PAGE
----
Continental to cut service, eliminate 1,000 more jobs

April 07, 1994|By New York Times News Service

Continental Airlines said yesterday that it would eliminate an additional 1,000 jobs, further reduce its flights from its Denver hub and drop service to 10 more cities.

Industry analysts said the moves were another effort by the nation's fifth-largest carrier to reduce costs and keep aloft its fledgling no-frills, short-hop service.

The chief executive of Continental, Robert R. Ferguson III, disclosed the job cuts during meetings with employees that began yesterday.

At the same time, he also outlined a new compensation package, some of which took effect Friday, that would restore pay cuts, reinstate merit and longevity raises and give workers 4 percent of the carrier's stock.

The average employee's compensation will increase 13.5 percent during the next year, said Peggy Mahoney, a spokeswoman for the company.

The latest round of job cuts would include a reduction of 7 percent in the airline's management ranks and a reduction of 2 percent of non-man agers, the Houston Post reported yesterday.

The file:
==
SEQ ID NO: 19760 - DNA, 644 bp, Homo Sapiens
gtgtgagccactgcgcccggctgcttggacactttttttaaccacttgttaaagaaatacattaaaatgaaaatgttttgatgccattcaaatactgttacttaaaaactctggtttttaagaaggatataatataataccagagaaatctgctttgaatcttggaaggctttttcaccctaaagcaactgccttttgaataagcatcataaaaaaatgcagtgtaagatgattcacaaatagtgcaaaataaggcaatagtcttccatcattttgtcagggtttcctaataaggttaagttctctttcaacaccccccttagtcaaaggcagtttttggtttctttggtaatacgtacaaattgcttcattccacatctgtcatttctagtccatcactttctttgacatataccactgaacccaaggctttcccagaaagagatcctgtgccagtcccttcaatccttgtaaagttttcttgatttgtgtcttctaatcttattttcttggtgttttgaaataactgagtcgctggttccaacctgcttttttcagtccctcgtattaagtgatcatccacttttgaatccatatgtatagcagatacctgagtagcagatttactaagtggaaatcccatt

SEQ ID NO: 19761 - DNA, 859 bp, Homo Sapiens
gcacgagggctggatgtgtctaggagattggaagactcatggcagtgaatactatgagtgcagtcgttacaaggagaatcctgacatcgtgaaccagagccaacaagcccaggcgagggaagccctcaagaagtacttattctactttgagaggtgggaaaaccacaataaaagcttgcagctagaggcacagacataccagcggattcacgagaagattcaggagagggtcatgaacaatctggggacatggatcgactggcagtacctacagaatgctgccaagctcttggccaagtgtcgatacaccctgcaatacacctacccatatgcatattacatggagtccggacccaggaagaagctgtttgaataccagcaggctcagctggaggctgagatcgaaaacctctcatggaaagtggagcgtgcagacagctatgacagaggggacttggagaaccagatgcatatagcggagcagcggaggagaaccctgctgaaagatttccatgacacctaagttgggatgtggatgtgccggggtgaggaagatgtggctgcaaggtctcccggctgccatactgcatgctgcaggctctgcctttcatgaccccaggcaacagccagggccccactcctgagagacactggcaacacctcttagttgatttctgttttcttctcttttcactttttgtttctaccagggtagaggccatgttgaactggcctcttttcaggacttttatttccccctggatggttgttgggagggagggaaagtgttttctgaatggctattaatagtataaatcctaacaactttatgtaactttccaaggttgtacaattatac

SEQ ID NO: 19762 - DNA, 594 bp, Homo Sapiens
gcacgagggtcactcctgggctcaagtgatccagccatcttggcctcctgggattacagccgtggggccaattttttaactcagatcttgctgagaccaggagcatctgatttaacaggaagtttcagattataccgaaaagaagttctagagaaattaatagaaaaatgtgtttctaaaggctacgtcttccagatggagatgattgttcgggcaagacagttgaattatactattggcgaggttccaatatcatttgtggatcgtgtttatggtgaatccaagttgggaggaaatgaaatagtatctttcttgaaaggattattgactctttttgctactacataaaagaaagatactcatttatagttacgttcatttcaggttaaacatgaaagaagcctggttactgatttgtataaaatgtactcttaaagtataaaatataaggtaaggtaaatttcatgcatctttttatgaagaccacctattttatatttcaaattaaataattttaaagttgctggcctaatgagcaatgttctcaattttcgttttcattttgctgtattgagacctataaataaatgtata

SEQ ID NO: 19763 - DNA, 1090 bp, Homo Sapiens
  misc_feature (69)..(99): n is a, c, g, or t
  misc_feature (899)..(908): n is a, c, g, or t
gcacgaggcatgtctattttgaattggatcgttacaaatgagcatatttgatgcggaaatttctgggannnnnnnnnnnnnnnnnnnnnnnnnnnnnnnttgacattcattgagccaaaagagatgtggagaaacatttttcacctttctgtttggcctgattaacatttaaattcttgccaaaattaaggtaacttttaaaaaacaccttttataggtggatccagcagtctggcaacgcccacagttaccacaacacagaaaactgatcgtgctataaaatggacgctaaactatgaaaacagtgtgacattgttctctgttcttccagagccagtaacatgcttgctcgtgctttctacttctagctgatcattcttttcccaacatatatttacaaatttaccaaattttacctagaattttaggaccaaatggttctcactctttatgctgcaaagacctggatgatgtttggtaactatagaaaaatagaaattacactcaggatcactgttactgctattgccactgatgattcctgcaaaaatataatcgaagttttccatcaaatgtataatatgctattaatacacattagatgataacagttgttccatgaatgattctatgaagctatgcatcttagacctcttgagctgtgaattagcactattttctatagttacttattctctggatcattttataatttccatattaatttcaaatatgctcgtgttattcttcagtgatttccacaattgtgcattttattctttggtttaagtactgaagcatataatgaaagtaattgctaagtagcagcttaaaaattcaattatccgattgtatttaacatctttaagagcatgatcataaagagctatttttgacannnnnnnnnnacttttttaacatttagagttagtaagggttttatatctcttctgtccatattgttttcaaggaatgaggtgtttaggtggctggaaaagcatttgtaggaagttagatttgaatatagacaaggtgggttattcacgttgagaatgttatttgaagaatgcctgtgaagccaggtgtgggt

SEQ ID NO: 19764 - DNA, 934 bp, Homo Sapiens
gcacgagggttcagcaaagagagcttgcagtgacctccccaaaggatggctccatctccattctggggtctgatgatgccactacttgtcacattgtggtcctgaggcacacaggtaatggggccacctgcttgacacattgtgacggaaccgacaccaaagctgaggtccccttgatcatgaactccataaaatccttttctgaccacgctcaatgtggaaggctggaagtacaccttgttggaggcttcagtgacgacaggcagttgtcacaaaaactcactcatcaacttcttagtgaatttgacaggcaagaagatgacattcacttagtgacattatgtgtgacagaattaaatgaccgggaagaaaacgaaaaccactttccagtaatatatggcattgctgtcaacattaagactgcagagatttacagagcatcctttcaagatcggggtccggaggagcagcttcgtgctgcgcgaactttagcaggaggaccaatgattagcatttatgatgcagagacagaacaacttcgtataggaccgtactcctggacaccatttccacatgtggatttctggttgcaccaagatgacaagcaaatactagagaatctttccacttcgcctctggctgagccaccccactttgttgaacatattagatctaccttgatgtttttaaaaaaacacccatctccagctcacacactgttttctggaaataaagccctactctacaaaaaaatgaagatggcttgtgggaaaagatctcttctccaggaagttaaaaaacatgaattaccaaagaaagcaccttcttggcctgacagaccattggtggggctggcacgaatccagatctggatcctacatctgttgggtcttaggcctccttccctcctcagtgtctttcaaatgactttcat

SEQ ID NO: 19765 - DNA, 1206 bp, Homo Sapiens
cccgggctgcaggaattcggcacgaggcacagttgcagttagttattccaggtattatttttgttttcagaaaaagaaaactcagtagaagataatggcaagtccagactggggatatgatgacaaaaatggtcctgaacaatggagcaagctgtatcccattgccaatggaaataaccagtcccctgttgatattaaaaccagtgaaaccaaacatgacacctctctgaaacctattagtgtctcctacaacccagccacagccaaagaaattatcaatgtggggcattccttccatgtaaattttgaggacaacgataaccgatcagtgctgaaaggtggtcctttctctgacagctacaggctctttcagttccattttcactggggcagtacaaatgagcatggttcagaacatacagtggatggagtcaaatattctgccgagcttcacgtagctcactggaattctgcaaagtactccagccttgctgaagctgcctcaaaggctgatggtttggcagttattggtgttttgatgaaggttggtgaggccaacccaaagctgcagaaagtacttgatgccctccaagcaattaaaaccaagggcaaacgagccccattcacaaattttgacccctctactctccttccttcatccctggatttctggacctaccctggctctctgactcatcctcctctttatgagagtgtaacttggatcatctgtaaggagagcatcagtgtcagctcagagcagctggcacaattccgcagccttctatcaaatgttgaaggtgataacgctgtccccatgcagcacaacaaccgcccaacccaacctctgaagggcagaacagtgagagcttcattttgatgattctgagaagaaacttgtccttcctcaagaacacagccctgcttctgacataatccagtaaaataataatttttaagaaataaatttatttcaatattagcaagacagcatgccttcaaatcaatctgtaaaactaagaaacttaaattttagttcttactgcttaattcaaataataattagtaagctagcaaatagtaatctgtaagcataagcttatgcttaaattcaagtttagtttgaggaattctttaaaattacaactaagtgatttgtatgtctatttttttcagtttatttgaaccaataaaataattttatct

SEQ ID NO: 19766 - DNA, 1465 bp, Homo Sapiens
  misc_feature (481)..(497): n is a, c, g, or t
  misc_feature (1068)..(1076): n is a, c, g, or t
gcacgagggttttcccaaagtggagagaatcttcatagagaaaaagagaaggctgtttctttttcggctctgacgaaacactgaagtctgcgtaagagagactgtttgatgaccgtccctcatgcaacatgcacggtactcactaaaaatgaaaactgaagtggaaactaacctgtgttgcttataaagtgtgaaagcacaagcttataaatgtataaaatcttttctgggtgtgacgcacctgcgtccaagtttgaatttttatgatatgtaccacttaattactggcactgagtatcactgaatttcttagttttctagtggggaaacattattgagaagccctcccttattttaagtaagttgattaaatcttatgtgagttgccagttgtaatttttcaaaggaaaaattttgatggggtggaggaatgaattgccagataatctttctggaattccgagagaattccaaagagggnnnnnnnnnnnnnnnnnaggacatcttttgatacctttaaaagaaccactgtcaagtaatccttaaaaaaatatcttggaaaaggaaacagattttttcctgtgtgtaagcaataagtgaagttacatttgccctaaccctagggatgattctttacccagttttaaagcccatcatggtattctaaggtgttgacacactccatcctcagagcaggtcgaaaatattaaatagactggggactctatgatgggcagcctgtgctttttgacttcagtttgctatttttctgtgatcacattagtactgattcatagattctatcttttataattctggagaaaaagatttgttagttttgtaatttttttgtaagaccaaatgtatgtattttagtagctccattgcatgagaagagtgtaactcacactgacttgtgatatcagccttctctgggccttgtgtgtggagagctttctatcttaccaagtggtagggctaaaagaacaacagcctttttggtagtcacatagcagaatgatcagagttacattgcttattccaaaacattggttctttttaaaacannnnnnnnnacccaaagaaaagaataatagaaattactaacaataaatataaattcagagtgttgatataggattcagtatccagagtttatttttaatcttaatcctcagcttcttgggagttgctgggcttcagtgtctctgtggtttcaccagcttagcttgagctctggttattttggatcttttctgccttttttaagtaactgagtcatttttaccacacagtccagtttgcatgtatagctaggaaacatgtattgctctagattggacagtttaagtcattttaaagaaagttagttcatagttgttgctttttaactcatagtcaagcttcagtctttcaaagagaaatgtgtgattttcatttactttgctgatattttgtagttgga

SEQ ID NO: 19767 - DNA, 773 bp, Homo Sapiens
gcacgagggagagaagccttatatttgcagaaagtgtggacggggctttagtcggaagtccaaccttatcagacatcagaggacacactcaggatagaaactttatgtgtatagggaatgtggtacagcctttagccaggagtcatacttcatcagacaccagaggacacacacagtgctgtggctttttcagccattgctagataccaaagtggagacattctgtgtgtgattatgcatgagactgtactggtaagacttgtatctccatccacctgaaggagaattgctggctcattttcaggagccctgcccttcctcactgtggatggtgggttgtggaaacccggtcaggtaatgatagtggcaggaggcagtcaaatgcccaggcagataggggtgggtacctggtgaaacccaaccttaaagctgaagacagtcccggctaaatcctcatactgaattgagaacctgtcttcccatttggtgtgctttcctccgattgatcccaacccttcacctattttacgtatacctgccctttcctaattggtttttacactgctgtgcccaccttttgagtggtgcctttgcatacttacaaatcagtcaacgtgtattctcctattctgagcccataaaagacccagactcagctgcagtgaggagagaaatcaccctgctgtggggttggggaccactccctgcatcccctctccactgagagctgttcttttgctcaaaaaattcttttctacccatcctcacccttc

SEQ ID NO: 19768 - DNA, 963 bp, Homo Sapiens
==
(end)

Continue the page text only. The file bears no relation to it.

Company officials declined to comment on where the job cuts would occur, except to say that they would be worldwide.

In August, four months after the carrier emerged from its second journey through Chapter 11 bankruptcy protection, Continental announced that it would lay off 6.5 percent of its 43,000 workers, or 2,500 full-time employees. It also said it would cut by 10 percent the number of its flights, but would expand its short-haul low-cost service, called Peanut Fares.

These discount flights, lasting 90 minutes or less, have proved popular with consumers. The carrier has

added staff in reservations and airports like Greensboro, N.C., where the daily flights have increased to 57, from 3 last October.

"To make it successful, they have to reduce infrastructure costs," said Glenn D. Engel, an analyst for Goldman, Sachs & Co. "Today's cuts are one of the steps to get there." He predicted that the carrier's capacity will decline by 3 percent this year.

Early in the summer, Continental will curtail its daily flights from Denver to 86 from 107, and pilots and flight attendants based there will be reassigned. The carrier has been shrinking its operations in Denver for more than a year, even as United Airlines has increased its market share there.

Also this summer, Continental will stop service from New Haven, Conn.; Islip and Elmira, N.Y.; Fort Collins, Colo.; Kalamazoo and Saginaw, Mich.; Scranton, Pa.; Billings, Mont.; Portland, Ore., and Reno, Nev.

Baltimore Sun Articles
Please note the green-lined linked article text has been applied commercially without any involvement from our newsroom editors, reporters or any other editorial staff.